Syria: Special comment: The small number of officials who have defected from the inner circle does not constitute a trend, but they do indicate that Sunnis in the inner circle of the Alawite government judge that safety lies in leaving. Their departure is a weak indicator of internal erosion.
The more important development is that Bashar al Asad allegedly told Kofi Annan the name of a possible transitional head of government. Annan is the sole source of this significant exchange.
If Annan is to be believed, Bashar al Asad is willing to transfer power to a successor. He implied as much when he said earlier this month that he hoped that a succession would be accomplished through elections.
What Bashar did not tell Kofi is that the Alawites as a minority do not seem prepared to share power with the Sunnis. The search for a suitable successor to Bashar al Asad does not imply that the current regime is prepared to leave. It just means that the ruling cabal is willing to consider a new leader.
In the analysis of internal instability, the center weakens in a predictable pattern, as it tries to find a stable line that it can hold. The pattern observed in the collapse of five states in eastern Europe is that the first activity to be sacrificed is the practices of government that worked in previous times of crisis.
Syria abandoned the practices of peacetime when it decided to use force against the opposition, instead of diplomacy. It tried diplomacy but that failed. Often the government has no control of the early processes of dissolution.
Next to be sacrificed are the programs. In Syria, Asad's long term programs for political reform rapidly became irrelevant. The Asad government's program of inclusion and electoral reform had a brief period of appeal in 2011 to secular, moderate protestors who started the opposition.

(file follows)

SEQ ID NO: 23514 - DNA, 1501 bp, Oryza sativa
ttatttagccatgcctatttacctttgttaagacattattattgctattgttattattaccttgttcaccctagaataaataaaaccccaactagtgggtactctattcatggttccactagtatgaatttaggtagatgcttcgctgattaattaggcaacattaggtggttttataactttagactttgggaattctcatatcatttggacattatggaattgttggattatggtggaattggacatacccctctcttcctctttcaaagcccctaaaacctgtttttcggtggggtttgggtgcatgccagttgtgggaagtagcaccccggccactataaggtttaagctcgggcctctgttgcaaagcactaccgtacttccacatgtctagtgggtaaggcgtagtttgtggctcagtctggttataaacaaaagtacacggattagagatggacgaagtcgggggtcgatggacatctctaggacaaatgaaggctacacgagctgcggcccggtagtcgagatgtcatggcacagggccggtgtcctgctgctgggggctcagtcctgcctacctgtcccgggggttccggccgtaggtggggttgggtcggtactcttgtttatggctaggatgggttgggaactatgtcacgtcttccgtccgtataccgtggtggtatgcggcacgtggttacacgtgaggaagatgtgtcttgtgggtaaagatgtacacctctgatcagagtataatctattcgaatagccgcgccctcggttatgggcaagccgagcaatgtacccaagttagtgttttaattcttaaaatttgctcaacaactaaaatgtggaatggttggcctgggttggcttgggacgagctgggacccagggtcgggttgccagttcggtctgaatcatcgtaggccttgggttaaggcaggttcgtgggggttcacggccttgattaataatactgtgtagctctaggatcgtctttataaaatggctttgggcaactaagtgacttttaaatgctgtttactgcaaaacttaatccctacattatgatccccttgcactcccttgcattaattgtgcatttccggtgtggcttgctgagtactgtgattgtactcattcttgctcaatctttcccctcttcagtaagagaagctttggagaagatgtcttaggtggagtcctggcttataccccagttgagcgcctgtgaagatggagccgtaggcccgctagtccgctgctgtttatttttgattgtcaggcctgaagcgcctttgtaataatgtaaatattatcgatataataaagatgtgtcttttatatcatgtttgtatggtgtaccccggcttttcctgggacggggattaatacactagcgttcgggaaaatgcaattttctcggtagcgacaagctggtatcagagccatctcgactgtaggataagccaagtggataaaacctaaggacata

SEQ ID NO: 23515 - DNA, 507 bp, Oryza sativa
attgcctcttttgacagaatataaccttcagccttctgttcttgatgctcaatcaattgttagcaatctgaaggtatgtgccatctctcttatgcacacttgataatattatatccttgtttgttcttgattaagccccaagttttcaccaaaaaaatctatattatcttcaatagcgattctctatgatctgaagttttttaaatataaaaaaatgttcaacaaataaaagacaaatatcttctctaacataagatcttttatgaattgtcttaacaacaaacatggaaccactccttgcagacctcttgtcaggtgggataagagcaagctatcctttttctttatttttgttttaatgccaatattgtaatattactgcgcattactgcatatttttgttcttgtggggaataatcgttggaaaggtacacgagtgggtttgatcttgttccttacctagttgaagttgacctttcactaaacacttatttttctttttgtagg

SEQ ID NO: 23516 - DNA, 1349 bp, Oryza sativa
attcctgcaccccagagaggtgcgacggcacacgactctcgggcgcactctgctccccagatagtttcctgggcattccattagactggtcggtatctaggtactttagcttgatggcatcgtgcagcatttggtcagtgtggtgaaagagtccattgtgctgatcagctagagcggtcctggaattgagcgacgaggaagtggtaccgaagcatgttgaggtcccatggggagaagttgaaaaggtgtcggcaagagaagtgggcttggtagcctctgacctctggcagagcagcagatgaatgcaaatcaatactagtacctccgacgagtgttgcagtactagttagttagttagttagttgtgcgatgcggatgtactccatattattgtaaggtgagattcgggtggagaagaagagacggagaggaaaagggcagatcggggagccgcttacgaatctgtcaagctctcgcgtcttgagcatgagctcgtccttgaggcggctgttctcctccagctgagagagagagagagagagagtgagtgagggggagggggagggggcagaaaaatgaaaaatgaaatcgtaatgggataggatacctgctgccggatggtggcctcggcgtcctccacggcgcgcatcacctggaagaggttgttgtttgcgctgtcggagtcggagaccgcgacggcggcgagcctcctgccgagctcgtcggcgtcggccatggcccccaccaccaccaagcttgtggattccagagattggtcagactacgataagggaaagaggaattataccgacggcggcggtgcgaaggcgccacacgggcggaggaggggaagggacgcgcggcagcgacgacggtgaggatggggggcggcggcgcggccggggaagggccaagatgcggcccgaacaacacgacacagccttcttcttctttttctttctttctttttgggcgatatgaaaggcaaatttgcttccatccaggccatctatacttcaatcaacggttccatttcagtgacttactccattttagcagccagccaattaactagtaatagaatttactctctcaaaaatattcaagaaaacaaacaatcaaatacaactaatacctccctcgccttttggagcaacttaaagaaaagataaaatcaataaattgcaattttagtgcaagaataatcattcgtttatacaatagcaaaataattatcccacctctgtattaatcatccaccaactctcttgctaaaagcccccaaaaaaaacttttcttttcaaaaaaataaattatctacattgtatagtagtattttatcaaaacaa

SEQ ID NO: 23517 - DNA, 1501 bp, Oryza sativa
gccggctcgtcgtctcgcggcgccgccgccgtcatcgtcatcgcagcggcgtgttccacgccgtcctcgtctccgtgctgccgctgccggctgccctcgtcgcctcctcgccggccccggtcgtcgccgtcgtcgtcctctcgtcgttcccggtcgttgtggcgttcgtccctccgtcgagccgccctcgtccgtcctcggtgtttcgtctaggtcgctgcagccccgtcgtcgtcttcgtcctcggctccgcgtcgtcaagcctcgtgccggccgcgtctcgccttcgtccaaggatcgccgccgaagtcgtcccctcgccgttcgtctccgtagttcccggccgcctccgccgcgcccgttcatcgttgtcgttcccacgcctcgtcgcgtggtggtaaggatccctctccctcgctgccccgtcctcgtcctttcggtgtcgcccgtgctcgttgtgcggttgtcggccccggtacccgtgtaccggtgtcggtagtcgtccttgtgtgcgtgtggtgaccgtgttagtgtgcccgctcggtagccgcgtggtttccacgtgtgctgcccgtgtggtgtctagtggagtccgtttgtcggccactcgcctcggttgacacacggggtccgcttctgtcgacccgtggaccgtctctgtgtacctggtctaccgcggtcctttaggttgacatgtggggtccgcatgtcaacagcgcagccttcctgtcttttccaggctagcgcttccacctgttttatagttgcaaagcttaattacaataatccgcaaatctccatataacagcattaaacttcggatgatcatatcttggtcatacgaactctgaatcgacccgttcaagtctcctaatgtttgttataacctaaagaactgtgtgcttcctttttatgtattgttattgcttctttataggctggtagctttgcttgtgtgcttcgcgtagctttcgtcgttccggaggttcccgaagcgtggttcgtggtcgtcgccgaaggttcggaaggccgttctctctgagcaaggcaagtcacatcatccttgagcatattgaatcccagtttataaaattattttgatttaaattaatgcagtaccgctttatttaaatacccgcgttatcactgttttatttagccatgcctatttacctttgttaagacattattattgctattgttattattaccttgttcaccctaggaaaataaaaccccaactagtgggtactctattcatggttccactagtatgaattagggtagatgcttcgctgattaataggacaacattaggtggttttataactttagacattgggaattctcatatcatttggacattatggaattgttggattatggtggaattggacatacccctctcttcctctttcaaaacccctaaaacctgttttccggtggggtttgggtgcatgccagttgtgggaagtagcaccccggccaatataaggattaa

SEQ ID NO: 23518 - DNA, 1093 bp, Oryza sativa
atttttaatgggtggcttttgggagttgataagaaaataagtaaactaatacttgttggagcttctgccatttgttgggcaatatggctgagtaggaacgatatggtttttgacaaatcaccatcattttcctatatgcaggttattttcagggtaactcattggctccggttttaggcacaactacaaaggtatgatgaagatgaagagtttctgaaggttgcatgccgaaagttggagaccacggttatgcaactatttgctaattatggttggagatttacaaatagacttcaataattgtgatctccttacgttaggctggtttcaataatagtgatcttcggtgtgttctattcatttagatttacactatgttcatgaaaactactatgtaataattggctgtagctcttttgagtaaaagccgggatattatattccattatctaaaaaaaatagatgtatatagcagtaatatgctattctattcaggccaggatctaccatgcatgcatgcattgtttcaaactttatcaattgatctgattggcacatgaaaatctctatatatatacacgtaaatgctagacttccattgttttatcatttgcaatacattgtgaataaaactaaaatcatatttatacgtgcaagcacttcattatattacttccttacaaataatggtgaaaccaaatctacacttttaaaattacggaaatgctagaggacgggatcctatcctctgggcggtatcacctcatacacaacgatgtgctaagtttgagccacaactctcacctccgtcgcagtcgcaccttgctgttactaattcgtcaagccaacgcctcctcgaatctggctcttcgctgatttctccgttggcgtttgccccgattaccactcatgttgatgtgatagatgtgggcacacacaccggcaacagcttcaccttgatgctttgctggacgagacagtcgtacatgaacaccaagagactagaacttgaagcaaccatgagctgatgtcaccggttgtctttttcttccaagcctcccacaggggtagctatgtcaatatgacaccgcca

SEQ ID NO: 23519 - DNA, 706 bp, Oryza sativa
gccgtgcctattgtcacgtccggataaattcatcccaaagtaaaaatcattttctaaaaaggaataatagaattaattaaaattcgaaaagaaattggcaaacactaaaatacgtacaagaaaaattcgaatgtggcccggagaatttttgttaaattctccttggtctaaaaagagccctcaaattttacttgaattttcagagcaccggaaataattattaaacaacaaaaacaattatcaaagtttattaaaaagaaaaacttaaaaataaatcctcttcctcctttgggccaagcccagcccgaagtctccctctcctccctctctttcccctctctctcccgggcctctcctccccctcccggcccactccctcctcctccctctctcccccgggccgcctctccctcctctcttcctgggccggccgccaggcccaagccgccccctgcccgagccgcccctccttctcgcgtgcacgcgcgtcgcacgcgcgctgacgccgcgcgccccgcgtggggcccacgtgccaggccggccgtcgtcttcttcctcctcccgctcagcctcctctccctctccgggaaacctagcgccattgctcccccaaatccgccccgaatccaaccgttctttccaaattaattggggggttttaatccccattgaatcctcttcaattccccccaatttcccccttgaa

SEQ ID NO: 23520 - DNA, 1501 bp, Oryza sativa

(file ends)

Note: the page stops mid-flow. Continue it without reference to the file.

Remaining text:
Once the opposition was taken over by hardline jihadists, however, the government's programs stood no chance of easing tension and reducing violence.
In the examples from the collapse and evolution of Warsaw Pact states in 1989, the leaders were the next to be discarded. Change of leadership is a palliative to buy time and gauge the strength of the opposition. It does not signify an agreement to share power with the opposition. It also does not mean that revolution is imminent.
Thus, in Syria, Bashar al Asad appears weary of the stress and appears willing to step aside under some conditions. That does not mean the Alawites and their supporters are willing to surrender power, but they are willing to make concessions. They appear to be probing the opposition as to what concessions might induce them to enter talks or at least fight less.
Once the center starts making leadership concessions, it cannot hold for long. That is the lesson from the collapse of the states in eastern Europe. No communist government in eastern Europe survived more than 18 months after its strong man leader resigned.
End of NightWatch for 12 July.